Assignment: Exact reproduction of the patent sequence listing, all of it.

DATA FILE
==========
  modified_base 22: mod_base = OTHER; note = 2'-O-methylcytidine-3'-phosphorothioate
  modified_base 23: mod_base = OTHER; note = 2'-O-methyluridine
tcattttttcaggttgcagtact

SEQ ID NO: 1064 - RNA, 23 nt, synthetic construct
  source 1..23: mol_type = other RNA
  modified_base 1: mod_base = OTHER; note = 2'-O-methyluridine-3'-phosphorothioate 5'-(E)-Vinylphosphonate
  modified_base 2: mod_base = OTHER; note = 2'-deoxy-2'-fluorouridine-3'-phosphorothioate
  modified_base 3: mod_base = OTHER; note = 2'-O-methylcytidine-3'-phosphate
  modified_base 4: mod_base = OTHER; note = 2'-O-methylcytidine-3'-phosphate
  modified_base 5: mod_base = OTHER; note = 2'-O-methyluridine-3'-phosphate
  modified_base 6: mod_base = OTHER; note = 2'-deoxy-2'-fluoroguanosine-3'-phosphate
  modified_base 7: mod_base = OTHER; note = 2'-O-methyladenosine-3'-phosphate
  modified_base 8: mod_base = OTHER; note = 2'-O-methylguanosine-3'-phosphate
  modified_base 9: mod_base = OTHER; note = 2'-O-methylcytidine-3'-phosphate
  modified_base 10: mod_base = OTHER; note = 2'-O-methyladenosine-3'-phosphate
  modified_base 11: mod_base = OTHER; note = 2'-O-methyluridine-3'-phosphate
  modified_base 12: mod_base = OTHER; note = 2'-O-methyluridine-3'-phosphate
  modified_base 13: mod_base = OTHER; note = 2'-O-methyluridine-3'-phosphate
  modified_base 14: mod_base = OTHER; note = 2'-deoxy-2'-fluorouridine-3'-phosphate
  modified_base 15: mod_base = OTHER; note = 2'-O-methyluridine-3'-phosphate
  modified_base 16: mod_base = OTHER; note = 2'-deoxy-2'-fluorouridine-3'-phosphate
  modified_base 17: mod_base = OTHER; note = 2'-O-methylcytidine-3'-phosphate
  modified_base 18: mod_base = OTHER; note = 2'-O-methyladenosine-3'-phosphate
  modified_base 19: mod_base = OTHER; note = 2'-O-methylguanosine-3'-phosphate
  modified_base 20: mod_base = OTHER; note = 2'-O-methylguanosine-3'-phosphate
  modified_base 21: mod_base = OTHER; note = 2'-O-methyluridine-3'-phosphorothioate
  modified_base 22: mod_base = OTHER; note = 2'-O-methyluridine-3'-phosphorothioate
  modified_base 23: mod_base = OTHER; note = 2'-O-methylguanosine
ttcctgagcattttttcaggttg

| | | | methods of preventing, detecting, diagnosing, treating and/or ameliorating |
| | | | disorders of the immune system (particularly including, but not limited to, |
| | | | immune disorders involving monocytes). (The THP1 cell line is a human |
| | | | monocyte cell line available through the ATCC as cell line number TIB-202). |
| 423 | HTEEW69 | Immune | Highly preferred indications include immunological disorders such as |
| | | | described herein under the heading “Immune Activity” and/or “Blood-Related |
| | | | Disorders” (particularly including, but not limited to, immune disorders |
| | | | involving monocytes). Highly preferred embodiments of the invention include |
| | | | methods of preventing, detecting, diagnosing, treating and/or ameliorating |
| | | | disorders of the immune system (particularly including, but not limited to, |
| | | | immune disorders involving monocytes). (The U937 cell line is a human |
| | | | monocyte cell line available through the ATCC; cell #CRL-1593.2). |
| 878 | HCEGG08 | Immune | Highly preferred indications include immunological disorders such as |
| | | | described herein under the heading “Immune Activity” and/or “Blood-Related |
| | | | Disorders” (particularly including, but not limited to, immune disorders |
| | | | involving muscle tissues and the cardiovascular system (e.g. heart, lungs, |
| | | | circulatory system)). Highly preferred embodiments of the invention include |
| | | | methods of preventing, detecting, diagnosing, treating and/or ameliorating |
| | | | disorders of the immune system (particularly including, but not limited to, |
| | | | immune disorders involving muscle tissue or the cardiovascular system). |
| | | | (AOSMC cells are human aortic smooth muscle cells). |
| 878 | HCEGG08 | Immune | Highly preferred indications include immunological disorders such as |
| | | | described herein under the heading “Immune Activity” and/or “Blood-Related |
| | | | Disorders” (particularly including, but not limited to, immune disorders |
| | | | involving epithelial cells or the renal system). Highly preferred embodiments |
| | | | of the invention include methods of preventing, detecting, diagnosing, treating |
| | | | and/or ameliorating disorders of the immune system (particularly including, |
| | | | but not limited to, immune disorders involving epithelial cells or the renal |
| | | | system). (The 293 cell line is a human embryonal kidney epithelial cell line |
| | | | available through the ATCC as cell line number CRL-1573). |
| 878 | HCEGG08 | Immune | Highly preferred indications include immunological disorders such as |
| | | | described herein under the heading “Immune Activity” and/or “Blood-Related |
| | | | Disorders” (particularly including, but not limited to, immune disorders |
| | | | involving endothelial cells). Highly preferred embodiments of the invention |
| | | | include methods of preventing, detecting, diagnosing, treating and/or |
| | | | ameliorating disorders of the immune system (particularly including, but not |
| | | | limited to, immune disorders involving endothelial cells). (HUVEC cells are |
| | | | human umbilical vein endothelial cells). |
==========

  modified_base 22: mod_base = OTHER; note = 2'-O-methylcytidine-3'-phosphorothioate
  modified_base 23: mod_base = OTHER; note = 2'-O-methyluridine
tcattttttcaggttgcagtact

SEQ ID NO: 1064 - RNA, 23 nt, synthetic construct
  source 1..23: mol_type = other RNA
  modified_base 1: mod_base = OTHER; note = 2'-O-methyluridine-3'-phosphorothioate 5'-(E)-Vinylphosphonate
  modified_base 2: mod_base = OTHER; note = 2'-deoxy-2'-fluorouridine-3'-phosphorothioate
  modified_base 3: mod_base = OTHER; note = 2'-O-methylcytidine-3'-phosphate
  modified_base 4: mod_base = OTHER; note = 2'-O-methylcytidine-3'-phosphate
  modified_base 5: mod_base = OTHER; note = 2'-O-methyluridine-3'-phosphate
  modified_base 6: mod_base = OTHER; note = 2'-deoxy-2'-fluoroguanosine-3'-phosphate
  modified_base 7: mod_base = OTHER; note = 2'-O-methyladenosine-3'-phosphate
  modified_base 8: mod_base = OTHER; note = 2'-O-methylguanosine-3'-phosphate
  modified_base 9: mod_base = OTHER; note = 2'-O-methylcytidine-3'-phosphate
  modified_base 10: mod_base = OTHER; note = 2'-O-methyladenosine-3'-phosphate
  modified_base 11: mod_base = OTHER; note = 2'-O-methyluridine-3'-phosphate
  modified_base 12: mod_base = OTHER; note = 2'-O-methyluridine-3'-phosphate
  modified_base 13: mod_base = OTHER; note = 2'-O-methyluridine-3'-phosphate
  modified_base 14: mod_base = OTHER; note = 2'-deoxy-2'-fluorouridine-3'-phosphate
  modified_base 15: mod_base = OTHER; note = 2'-O-methyluridine-3'-phosphate
  modified_base 16: mod_base = OTHER; note = 2'-deoxy-2'-fluorouridine-3'-phosphate
  modified_base 17: mod_base = OTHER; note = 2'-O-methylcytidine-3'-phosphate
  modified_base 18: mod_base = OTHER; note = 2'-O-methyladenosine-3'-phosphate
  modified_base 19: mod_base = OTHER; note = 2'-O-methylguanosine-3'-phosphate
  modified_base 20: mod_base = OTHER; note = 2'-O-methylguanosine-3'-phosphate
  modified_base 21: mod_base = OTHER; note = 2'-O-methyluridine-3'-phosphorothioate
  modified_base 22: mod_base = OTHER; note = 2'-O-methyluridine-3'-phosphorothioate
  modified_base 23: mod_base = OTHER; note = 2'-O-methylguanosine
ttcctgagcattttttcaggttg

| | | | methods of preventing, detecting, diagnosing, treating and/or ameliorating |
| | | | disorders of the immune system (particularly including, but not limited to, |
| | | | immune disorders involving monocytes). (The THP1 cell line is a human |
| | | | monocyte cell line available through the ATCC as cell line number TIB-202). |
| 423 | HTEEW69 | Immune | Highly preferred indications include immunological disorders such as |
| | | | described herein under the heading “Immune Activity” and/or “Blood-Related |
| | | | Disorders” (particularly including, but not limited to, immune disorders |
| | | | involving monocytes). Highly preferred embodiments of the invention include |
| | | | methods of preventing, detecting, diagnosing, treating and/or ameliorating |
| | | | disorders of the immune system (particularly including, but not limited to, |
| | | | immune disorders involving monocytes). (The U937 cell line is a human |
| | | | monocyte cell line available through the ATCC; cell #CRL-1593.2). |
| 878 | HCEGG08 | Immune | Highly preferred indications include immunological disorders such as |
| | | | described herein under the heading “Immune Activity” and/or “Blood-Related |
| | | | Disorders” (particularly including, but not limited to, immune disorders |
| | | | involving muscle tissues and the cardiovascular system (e.g. heart, lungs, |
| | | | circulatory system)). Highly preferred embodiments of the invention include |
| | | | methods of preventing, detecting, diagnosing, treating and/or ameliorating |
| | | | disorders of the immune system (particularly including, but not limited to, |
| | | | immune disorders involving muscle tissue or the cardiovascular system). |
| | | | (AOSMC cells are human aortic smooth muscle cells). |
| 878 | HCEGG08 | Immune | Highly preferred indications include immunological disorders such as |
| | | | described herein under the heading “Immune Activity” and/or “Blood-Related |
| | | | Disorders” (particularly including, but not limited to, immune disorders |
| | | | involving epithelial cells or the renal system). Highly preferred embodiments |
| | | | of the invention include methods of preventing, detecting, diagnosing, treating |
| | | | and/or ameliorating disorders of the immune system (particularly including, |
| | | | but not limited to, immune disorders involving epithelial cells or the renal |
| | | | system). (The 293 cell line is a human embryonal kidney epithelial cell line |
| | | | available through the ATCC as cell line number CRL-1573). |
| 878 | HCEGG08 | Immune | Highly preferred indications include immunological disorders such as |
| | | | described herein under the heading “Immune Activity” and/or “Blood-Related |
| | | | Disorders” (particularly including, but not limited to, immune disorders |
| | | | involving endothelial cells). Highly preferred embodiments of the invention |
| | | | include methods of preventing, detecting, diagnosing, treating and/or |
| | | | ameliorating disorders of the immune system (particularly including, but not |
| | | | limited to, immune disorders involving endothelial cells). (HUVEC cells are |
| | | | human umbilical vein endothelial cells). |